SANTIAGO – The flow of foreign direct investment to Latin America and the Caribbean decreased 16 percent in 2014 to $158.8 billion, the UN Economic Commission for Latin America and the Caribbean, known as ECLAC, said on Wednesday.
The results mark a reversal of the trend of growing FDI during the last decade, with declines only in 2006 and 2009, and the figure is expected to fall again this year, ECLAC said.
Between 2003 and 2013, foreign direct investment in the region increased from $46.94 billion to a record $189.95 billion.
The fall in FDI last year was due to the economic slowdown in the region and the fall in prices for commodity exports, according to the report.
Worldwide, foreign direct investment decreased 7 percent in 2014, though flows to developing countries increased 5 percent, mostly as a result of the performance in Asia.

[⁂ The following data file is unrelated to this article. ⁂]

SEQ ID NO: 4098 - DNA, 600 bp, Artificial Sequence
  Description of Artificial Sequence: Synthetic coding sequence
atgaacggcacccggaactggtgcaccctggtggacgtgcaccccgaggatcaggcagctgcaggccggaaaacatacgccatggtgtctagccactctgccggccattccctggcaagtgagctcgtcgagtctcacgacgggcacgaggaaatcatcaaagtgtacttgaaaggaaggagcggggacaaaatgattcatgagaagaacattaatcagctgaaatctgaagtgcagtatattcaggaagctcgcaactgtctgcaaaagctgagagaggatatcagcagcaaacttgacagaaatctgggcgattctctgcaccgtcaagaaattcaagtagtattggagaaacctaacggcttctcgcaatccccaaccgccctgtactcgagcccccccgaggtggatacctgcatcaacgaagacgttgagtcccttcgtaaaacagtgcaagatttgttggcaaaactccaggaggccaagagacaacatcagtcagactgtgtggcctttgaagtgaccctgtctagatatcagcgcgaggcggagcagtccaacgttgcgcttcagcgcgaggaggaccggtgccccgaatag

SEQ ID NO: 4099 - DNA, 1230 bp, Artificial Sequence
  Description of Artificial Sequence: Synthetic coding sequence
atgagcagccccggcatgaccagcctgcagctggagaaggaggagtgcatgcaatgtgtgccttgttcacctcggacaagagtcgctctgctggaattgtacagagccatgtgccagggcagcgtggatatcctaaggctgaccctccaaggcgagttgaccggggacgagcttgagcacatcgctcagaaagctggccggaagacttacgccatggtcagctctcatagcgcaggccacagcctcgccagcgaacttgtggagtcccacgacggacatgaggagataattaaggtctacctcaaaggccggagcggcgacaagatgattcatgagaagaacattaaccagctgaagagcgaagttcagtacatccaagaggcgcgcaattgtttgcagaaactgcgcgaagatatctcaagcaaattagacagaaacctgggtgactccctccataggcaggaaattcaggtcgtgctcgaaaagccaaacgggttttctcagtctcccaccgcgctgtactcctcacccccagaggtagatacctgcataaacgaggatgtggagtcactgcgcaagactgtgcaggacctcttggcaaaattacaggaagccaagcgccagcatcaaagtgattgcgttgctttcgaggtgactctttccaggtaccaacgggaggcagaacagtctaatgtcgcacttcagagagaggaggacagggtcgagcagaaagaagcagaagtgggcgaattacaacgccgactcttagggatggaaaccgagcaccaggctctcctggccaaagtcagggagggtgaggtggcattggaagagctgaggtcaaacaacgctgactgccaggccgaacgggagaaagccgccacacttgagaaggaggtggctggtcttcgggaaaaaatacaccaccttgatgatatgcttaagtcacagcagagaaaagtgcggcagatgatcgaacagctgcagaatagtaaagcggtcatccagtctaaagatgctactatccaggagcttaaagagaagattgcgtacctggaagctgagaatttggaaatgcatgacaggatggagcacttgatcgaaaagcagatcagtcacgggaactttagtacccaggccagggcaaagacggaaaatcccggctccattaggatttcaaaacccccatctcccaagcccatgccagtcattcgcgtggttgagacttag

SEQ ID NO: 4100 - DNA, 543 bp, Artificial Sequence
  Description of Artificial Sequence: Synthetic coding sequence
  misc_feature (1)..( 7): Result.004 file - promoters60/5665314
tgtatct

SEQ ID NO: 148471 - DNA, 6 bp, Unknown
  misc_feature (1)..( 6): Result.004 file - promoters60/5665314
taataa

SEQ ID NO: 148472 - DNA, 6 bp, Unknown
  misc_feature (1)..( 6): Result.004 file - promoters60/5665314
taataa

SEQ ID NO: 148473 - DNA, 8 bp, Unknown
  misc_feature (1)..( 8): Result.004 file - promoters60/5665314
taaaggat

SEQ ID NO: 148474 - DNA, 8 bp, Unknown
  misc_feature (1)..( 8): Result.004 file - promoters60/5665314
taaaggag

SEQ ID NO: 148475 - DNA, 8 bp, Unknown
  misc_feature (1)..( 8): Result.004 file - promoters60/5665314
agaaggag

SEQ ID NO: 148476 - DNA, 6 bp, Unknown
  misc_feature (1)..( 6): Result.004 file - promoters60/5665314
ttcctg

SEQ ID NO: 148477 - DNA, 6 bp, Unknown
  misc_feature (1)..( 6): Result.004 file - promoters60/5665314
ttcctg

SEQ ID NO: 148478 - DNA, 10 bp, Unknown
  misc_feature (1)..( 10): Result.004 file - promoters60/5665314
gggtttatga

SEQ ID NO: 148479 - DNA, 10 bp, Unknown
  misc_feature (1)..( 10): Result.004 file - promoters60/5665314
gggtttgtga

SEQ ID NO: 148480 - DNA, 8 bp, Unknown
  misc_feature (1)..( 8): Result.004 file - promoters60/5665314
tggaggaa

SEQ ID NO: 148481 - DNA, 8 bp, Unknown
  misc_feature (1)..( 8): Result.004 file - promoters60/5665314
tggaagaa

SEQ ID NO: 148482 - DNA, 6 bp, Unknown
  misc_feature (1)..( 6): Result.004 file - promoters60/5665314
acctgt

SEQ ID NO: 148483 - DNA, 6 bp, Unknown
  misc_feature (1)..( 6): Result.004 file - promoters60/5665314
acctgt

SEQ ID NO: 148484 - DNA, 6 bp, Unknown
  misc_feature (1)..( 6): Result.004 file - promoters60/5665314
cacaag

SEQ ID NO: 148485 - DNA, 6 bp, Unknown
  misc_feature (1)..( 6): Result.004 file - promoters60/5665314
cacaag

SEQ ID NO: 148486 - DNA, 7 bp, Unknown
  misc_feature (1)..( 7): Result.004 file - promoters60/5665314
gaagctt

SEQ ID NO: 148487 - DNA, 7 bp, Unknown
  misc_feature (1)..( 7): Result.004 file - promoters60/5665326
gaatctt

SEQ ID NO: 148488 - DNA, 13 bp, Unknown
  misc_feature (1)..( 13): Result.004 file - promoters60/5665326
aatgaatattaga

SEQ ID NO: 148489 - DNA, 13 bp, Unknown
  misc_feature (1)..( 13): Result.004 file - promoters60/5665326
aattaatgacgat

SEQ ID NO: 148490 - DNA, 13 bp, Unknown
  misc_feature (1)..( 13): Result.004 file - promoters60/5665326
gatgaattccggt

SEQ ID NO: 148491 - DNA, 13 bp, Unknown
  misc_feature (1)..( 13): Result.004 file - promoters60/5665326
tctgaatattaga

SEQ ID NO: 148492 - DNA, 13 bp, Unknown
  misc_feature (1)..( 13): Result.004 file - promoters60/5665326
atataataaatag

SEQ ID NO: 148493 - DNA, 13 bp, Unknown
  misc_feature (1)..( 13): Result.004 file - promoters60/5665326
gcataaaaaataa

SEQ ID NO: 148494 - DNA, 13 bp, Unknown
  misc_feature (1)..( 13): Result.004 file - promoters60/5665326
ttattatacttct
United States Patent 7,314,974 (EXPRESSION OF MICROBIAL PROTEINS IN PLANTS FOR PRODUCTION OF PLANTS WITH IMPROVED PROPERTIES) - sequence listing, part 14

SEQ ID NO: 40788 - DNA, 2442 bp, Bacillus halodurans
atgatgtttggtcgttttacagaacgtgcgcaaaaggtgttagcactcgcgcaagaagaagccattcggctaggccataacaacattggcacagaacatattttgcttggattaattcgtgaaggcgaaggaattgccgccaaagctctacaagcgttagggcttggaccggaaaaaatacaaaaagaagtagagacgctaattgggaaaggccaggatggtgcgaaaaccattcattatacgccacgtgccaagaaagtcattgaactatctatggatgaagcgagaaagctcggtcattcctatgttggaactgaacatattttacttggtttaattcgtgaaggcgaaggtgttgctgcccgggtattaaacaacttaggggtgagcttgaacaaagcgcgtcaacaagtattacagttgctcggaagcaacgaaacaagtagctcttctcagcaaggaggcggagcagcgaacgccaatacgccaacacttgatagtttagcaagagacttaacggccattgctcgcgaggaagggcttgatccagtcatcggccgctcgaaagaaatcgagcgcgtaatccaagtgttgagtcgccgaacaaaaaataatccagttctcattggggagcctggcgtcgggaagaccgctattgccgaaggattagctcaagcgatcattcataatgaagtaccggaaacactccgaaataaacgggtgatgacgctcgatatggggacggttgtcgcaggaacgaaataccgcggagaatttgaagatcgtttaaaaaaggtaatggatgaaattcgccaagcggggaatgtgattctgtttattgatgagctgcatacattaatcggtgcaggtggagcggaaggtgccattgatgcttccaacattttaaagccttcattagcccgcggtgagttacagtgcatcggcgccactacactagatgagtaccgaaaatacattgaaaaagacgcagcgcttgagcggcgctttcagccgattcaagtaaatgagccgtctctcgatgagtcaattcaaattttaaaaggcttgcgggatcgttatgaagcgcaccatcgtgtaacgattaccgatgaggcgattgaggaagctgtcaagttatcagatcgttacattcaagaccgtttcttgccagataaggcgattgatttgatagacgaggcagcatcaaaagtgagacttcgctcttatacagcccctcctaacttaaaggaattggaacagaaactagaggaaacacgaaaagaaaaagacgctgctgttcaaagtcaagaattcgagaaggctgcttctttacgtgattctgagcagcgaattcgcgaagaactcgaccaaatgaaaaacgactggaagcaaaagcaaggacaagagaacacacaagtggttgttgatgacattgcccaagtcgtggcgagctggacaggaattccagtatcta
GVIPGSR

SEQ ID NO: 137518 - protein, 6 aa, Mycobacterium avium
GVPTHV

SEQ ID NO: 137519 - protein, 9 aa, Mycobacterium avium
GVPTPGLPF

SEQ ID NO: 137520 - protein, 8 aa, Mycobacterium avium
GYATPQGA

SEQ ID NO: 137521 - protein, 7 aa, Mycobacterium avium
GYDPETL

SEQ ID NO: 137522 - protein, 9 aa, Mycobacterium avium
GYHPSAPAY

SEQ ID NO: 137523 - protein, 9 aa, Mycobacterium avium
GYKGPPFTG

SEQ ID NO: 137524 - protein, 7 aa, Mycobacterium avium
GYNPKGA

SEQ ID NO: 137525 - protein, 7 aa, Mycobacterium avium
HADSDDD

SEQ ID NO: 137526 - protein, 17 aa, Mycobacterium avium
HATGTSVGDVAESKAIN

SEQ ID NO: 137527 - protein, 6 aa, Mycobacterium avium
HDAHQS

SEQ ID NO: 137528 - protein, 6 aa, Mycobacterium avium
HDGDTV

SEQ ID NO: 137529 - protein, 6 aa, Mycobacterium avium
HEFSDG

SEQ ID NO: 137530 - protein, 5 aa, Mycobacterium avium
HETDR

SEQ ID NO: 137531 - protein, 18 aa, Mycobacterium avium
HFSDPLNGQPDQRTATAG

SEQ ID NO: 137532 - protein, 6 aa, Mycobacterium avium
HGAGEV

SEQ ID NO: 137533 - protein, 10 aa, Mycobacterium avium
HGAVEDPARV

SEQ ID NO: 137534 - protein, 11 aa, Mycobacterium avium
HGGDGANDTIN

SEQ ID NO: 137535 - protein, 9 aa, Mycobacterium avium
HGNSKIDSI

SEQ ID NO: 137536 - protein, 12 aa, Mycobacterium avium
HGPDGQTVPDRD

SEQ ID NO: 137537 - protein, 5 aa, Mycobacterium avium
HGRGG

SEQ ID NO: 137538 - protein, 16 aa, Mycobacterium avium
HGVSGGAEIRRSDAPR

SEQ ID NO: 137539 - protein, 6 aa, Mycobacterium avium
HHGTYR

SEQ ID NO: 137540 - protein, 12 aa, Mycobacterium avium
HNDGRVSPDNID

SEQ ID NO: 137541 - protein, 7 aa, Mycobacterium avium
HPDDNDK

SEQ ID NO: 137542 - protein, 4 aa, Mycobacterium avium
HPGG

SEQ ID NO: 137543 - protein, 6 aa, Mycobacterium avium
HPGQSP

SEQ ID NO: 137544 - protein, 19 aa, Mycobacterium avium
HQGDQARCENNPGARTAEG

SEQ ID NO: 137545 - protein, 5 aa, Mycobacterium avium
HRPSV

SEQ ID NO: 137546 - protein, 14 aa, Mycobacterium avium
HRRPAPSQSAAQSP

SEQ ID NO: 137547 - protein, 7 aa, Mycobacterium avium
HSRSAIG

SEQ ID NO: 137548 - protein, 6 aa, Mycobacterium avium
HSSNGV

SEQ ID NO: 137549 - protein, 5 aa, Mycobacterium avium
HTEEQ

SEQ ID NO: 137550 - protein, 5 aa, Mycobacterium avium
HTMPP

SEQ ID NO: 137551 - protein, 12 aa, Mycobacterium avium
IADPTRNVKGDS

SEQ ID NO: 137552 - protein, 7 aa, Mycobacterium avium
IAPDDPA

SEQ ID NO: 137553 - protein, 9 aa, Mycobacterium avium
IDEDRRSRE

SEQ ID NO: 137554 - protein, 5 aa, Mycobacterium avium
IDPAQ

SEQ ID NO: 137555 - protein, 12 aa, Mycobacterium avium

Alicia Barcena, ECLAC’s executive secretary, said the countries in the region should not strive to recover the levels of FDI achieved during the last decade, but rather to “attract investment that contributes to productive diversification.”
“This means to structure the FDI with industrial policies and national development strategies based on equality and environmental sustainability,” she said.
Brazil remains the region’s main destination for FDI, followed by Mexico and Chile.
ECLAC’s report shows that foreign direct investment in natural resources has fallen from 23 percent in 2009-2013 to 17 percent in 2014. The manufacturing sector remained stable, at 35 percent of all FDI, while investment in services soared to 47 percent.